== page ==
Statement from the UN Deputy Secretary-General Amina Mohammed for the BCSC 2020

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"Excellencies, distinguished ministers, ladies and gentlemen, thank you for this real opportunity to share the United Nations’ perspective on the fundamental issues of climate change and security. The Covid-19 pandemic has driven home how quickly a sudden crisis can disrupt lives and take away livelihoods, exposing the fragility of our world.

This fragility is also evident in the inadequate multilateral response to the climate crisis and to preventing an end to violent conflict, which are strongly linked. Of the 15 countries most susceptible to climate risks, eight already host a United Nations Peacekeeping or Special Political Mission. I have seen for myself, how in the Sahel, the Lake Chad region, the Horn of Africa and the Middle East climate change exacerbates pressing security challenges - the burden of which falls on the shoulders of women and girls.

The United Nations has been working for more than a decade on the nexus between climate and security, from competition over resources to volatile food prices and migration. Our teams around the world support the efforts of member states to prevent and reduce climate-related security risks by strengthening data collection and analysis to identify the drivers of conflict and the solutions to address the crisis. In high-risk regions we help to build the resilience of communities and states.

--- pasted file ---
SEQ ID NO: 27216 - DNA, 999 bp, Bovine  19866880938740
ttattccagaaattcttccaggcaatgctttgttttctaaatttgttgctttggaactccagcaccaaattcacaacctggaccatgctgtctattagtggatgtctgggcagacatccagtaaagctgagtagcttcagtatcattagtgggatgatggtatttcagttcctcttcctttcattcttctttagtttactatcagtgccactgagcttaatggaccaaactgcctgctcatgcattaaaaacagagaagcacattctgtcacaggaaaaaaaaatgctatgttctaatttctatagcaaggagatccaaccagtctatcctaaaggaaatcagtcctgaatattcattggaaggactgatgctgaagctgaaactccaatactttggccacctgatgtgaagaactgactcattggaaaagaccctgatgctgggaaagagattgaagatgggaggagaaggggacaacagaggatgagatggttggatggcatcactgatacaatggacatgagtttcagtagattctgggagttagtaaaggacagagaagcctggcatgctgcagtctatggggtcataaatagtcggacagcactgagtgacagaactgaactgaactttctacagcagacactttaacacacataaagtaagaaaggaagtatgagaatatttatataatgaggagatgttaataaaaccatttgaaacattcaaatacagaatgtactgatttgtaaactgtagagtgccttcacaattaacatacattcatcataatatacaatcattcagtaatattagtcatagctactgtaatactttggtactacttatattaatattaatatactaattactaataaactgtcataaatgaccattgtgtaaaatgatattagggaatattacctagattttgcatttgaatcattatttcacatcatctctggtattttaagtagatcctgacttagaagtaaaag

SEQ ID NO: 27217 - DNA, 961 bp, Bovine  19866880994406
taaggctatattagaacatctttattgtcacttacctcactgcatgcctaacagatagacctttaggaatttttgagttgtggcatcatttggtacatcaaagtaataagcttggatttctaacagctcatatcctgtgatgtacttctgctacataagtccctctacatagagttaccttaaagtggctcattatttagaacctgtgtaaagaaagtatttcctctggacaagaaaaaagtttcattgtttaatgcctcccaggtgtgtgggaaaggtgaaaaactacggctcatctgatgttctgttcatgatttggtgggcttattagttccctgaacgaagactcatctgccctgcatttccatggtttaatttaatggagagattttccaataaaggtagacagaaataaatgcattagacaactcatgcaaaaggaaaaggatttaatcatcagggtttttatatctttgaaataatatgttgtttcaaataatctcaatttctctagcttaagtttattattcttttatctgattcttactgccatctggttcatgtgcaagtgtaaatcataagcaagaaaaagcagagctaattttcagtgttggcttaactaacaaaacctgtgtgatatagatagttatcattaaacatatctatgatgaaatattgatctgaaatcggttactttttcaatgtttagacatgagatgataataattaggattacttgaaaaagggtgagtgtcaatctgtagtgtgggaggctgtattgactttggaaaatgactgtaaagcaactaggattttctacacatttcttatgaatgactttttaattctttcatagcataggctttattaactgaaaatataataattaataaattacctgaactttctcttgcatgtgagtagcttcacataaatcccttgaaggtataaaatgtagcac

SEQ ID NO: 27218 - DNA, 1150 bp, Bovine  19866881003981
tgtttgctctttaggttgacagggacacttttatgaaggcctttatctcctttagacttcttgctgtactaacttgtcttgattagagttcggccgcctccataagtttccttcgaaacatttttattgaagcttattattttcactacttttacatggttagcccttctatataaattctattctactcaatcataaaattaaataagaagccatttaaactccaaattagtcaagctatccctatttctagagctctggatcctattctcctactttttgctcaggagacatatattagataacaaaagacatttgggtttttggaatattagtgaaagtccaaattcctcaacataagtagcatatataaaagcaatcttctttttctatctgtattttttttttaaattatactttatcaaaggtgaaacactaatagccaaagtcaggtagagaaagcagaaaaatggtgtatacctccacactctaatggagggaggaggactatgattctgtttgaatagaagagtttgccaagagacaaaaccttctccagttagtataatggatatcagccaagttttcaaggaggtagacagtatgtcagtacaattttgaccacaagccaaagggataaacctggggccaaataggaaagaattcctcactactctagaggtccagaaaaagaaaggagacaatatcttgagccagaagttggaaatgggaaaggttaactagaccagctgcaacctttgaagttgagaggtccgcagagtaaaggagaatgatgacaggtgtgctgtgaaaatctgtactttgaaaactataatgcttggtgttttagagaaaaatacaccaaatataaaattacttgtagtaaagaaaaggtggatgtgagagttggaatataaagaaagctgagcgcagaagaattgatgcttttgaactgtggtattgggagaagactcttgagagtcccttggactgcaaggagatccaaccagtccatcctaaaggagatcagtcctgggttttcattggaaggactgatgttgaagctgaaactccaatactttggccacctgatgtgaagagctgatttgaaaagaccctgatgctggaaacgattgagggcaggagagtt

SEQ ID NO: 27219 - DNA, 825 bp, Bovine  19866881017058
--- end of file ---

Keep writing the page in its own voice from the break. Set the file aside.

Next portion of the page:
Our support plan for the Sahel establishes six priority areas, including climate action and renewable energy, for ten countries across the region. As you deliberate today, please consider these three priorities: First, investing in adaptation and resilience, especially at the community level which is critical to conflict prevention. Second, investing in new technologies to improve climate risk forecasting. Very few countries affected by conflict have the tools to anticipate and prevent climate stress. Third, we cannot eliminate climate-security risks without urgent climate action.

The UN Secretary General’s Climate Action Summit coalitions provide an entry point to invest in sustainable solutions and I urge all countries to adopt pandemic recovery strategies that are aligned with the Secretary General’s six climate positive principles and to commit to high-quality Nationally Determined Contributions, consistent with the 1.5 degree Celsius and adaptation goals of the Paris agreement.

One of the great injustices of the climate crisis is that countries most affected by it did least to cause it. Excellencies, we need your leadership today more than ever to right the wrongs and address climate justice for future generations. Thank you."
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